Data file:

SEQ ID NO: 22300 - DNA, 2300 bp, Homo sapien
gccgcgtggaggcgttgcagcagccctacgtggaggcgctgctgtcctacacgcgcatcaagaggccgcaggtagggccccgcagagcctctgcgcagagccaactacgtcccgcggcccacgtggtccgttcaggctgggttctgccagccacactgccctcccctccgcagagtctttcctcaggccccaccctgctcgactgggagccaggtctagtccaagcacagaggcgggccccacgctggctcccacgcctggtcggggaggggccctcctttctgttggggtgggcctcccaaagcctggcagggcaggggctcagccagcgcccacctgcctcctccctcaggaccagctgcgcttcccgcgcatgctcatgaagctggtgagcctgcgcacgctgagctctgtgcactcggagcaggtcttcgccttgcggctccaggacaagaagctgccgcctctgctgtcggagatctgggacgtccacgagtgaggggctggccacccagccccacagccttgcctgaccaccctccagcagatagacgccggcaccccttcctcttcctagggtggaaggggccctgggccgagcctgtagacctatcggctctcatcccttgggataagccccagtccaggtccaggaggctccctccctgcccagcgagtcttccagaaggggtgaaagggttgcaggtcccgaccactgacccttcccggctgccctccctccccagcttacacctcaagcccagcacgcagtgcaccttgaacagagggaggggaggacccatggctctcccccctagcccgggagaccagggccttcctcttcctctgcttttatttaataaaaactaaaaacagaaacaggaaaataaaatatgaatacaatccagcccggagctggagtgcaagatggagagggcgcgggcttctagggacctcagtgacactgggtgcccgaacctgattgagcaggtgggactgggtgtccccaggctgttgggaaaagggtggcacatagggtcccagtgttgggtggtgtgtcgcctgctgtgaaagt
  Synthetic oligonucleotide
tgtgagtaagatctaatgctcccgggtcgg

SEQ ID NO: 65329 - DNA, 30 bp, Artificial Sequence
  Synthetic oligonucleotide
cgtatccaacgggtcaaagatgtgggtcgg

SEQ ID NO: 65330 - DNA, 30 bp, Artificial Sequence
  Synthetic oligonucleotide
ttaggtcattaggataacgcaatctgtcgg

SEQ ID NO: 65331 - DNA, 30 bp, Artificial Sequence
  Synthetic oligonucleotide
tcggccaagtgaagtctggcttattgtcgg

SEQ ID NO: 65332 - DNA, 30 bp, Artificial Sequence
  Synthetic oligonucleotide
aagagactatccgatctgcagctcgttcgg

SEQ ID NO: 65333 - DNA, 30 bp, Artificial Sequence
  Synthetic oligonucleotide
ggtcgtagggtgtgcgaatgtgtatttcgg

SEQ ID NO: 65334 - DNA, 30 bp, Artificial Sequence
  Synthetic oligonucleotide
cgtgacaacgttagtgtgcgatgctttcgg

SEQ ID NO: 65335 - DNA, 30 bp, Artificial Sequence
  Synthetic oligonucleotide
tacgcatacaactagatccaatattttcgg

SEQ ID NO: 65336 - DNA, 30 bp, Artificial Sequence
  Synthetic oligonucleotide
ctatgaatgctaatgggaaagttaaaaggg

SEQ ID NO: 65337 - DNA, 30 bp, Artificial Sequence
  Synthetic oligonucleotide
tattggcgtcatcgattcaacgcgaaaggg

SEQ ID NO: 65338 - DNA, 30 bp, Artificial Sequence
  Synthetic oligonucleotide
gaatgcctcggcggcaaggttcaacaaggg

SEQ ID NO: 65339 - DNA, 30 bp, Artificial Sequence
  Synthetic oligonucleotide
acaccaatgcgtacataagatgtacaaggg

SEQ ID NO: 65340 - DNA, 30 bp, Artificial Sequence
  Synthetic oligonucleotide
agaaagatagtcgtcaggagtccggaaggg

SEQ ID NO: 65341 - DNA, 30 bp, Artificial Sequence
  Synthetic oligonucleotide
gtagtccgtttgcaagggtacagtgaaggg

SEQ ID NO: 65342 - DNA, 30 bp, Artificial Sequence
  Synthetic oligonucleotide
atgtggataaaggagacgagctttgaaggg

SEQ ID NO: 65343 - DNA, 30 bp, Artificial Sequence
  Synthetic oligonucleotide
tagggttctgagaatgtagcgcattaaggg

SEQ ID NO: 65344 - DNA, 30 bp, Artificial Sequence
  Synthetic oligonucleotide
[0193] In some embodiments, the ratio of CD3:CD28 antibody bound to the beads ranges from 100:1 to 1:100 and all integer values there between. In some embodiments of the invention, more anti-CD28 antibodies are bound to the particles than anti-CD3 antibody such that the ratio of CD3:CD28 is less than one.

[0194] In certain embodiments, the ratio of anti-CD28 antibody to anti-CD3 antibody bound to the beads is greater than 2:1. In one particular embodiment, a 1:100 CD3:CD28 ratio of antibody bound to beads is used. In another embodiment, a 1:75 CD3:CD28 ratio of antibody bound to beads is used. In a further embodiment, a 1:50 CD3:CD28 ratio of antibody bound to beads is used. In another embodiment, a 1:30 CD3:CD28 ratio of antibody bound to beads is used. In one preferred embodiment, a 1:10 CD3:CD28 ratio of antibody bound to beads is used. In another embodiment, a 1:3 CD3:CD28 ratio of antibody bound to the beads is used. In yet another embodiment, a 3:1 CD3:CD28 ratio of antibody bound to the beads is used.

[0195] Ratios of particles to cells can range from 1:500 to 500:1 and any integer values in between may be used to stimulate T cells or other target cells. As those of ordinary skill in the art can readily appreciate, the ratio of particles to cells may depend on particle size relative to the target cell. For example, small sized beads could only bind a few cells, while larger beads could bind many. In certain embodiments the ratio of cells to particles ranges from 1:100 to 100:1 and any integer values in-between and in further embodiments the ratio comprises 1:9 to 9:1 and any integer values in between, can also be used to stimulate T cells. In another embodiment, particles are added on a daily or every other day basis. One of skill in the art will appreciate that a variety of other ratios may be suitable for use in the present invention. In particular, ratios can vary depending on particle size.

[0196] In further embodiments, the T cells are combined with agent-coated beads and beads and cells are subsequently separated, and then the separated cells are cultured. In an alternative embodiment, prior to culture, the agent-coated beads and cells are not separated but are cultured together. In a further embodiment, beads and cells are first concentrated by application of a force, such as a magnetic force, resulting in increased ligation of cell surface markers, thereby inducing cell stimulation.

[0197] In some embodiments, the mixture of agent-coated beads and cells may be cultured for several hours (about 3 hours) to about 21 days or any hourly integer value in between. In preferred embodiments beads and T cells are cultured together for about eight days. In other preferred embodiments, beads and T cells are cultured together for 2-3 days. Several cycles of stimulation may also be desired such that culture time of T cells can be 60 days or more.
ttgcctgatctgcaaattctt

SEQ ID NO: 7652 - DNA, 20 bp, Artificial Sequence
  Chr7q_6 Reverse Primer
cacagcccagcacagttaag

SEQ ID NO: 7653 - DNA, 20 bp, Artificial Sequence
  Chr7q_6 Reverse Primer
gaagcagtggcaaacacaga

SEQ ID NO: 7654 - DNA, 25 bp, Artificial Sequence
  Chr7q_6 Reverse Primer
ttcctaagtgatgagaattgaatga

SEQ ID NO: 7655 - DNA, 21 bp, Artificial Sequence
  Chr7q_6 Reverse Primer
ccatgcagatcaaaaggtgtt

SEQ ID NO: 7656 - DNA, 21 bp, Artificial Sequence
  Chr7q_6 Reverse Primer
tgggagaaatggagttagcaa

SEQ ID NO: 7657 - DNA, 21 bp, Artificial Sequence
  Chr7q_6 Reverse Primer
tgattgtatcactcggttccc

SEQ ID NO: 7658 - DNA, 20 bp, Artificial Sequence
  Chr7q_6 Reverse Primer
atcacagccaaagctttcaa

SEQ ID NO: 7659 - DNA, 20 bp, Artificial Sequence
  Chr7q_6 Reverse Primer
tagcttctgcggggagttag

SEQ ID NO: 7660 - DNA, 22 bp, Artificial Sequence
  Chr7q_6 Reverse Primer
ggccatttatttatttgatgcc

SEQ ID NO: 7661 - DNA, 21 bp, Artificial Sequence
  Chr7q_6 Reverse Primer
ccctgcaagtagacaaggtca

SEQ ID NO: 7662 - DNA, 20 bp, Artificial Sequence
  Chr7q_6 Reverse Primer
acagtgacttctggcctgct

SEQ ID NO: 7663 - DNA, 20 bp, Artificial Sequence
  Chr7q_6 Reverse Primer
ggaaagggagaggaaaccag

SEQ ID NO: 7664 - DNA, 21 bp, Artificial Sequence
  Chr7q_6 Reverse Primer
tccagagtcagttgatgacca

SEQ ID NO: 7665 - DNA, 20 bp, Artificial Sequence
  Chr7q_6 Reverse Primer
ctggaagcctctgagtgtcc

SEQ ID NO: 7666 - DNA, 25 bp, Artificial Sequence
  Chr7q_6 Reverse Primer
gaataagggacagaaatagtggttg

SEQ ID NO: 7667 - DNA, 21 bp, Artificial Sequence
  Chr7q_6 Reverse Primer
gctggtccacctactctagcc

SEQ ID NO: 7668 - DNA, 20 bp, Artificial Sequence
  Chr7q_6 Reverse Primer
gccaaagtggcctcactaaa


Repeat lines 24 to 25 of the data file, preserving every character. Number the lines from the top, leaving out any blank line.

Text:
  Synthetic oligonucleotide
tacgcatacaactagatccaatattttcgg